Indian women's football team member Dalima Chhibber called for "better culture" in Delhi in order to develop women's football in the state and eventually the country.
Chhibber said that things were better than what they were when she started playing but said there was still much distance to cover.
"We need to develop the culture of girl's football at the club level as well as school and college level. Participation of girls in football have significantly grown in Delhi in the last few years and with new competitions more girls will be encouraged to play football which was not the case when I started to play football in Delhi," Dalima Chhibber said at Football Delhi's e-summit.
Football Delhi organised the e-summit in celebration of the Delhi Football Day, which is marked by the birthday of the Indian men's football team captain Sunil Chhetri.
Football Delhi has been organising the Golden League for the past two years, which focuses on bringing in young girls to play alongside boys for the development of the skillset of both parties.
The organisers also encourage teams to have more girls in the team by providing more points to the ones with more number of girls.
All India Football Federation's Sara Pilot said the improved focus and Football Delhi's proactiveness was something the other state associations must adopt.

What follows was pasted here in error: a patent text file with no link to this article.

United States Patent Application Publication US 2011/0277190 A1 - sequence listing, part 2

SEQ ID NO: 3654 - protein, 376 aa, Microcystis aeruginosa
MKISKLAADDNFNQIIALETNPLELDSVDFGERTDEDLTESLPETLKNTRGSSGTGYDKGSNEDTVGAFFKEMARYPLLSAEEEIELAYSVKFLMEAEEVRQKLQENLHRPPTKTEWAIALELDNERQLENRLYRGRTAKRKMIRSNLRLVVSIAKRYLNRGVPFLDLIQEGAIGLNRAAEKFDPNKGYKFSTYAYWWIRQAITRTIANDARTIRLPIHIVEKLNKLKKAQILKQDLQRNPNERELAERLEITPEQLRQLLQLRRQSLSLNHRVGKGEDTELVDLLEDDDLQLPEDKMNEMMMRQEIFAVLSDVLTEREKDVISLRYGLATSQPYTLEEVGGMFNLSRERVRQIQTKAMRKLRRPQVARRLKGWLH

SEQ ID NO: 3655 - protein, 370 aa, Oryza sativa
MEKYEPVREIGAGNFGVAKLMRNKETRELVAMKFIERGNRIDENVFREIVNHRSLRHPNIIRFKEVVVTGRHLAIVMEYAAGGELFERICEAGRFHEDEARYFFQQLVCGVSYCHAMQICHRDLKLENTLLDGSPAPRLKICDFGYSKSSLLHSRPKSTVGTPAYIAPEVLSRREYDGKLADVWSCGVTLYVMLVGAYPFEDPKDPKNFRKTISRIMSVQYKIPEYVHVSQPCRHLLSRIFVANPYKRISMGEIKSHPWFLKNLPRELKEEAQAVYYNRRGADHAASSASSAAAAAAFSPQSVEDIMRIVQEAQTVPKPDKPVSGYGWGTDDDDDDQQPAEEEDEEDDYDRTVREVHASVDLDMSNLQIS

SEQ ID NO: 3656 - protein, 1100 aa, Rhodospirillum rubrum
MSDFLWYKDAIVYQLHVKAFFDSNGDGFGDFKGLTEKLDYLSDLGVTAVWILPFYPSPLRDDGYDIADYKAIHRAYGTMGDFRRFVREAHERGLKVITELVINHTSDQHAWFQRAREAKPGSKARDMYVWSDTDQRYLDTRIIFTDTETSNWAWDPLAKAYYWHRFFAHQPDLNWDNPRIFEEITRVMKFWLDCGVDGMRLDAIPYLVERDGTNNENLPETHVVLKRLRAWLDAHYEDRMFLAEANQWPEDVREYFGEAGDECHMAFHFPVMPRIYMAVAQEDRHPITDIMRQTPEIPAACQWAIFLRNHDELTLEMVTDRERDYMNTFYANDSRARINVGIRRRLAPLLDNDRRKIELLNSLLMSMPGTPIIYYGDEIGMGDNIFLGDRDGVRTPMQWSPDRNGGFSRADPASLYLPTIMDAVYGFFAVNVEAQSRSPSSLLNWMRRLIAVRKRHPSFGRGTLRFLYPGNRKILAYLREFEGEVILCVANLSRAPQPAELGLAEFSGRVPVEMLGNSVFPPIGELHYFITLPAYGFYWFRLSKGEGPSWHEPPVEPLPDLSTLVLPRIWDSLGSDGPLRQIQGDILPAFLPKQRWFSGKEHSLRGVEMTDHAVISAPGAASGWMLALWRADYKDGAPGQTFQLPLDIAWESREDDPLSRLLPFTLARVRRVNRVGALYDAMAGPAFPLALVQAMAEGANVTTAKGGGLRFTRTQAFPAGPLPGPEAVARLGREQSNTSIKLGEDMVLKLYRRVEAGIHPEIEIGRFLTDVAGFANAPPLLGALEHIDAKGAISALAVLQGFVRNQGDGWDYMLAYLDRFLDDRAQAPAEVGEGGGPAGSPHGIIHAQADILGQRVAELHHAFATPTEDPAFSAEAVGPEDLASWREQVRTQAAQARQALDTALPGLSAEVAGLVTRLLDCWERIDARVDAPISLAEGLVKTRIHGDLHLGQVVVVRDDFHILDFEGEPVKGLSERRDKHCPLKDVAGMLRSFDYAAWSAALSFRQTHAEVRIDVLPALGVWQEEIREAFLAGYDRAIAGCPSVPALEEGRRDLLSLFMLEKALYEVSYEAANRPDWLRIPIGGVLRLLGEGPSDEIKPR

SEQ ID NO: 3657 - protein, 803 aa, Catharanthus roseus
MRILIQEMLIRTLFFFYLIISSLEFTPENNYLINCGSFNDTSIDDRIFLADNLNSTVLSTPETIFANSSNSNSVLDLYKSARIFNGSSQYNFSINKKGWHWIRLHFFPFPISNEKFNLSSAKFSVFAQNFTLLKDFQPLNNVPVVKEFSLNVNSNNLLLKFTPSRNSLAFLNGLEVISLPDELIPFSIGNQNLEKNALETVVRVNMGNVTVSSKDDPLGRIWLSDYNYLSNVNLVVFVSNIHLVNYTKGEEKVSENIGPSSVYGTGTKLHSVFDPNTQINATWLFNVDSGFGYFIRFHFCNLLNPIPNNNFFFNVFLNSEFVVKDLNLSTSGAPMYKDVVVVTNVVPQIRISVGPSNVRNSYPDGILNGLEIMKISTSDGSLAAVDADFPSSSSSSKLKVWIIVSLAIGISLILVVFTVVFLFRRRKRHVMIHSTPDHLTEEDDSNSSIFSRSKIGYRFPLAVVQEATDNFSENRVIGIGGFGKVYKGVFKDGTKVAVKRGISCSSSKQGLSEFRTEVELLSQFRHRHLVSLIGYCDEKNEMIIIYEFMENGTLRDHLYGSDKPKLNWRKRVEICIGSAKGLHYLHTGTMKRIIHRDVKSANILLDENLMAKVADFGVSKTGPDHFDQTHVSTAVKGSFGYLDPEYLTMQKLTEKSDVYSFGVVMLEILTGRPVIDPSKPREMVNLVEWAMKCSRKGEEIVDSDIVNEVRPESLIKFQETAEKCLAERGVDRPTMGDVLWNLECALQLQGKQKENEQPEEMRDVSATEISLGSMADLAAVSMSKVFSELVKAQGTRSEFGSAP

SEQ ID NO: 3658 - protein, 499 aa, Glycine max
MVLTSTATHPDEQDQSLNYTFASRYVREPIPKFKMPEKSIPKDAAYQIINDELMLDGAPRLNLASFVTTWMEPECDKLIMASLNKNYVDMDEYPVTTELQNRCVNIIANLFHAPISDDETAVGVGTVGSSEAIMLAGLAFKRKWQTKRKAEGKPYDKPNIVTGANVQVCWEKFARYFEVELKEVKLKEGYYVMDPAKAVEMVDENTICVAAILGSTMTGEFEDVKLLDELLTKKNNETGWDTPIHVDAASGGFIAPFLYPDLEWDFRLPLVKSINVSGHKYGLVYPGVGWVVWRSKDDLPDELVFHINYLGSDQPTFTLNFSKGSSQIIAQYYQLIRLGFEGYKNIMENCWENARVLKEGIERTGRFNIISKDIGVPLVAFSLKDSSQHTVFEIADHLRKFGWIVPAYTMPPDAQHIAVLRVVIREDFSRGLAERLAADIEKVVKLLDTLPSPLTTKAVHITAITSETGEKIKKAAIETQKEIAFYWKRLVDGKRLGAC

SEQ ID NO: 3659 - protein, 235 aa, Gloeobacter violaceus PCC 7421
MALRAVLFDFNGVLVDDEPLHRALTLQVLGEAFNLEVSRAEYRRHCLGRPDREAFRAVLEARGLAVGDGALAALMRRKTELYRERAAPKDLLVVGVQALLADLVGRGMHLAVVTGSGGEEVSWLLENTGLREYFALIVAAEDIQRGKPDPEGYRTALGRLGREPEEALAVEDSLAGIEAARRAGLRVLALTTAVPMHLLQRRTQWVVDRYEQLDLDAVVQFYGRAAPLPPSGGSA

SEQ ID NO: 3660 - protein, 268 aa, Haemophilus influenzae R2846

The head of FIFA's women's football competitions Sara Booth said hosting the FIFA U-17 Women's World Cup in 2021 can help boost the game in the country.
Booth said Delhi will feel the "positive impact" of hosting a World Cup and lauded the state association's collaborative effort with the national federation to improve infrastructure for women's development.
Women's football can only develop if it got "equal opportunity" like the men and Sweden's Under-23 national coach Yvonne Ekroth said a level-playing field was the only way forward.
That women needed to create space for themselves in both administration and coaching was emphasized by Lauren Duncan, the manager of the national team of South Africa.
"The condition of women's football in South Africa is pretty similar to India. We need more females in administration and coaching to provide a more comfortable environment to players," said Duncan.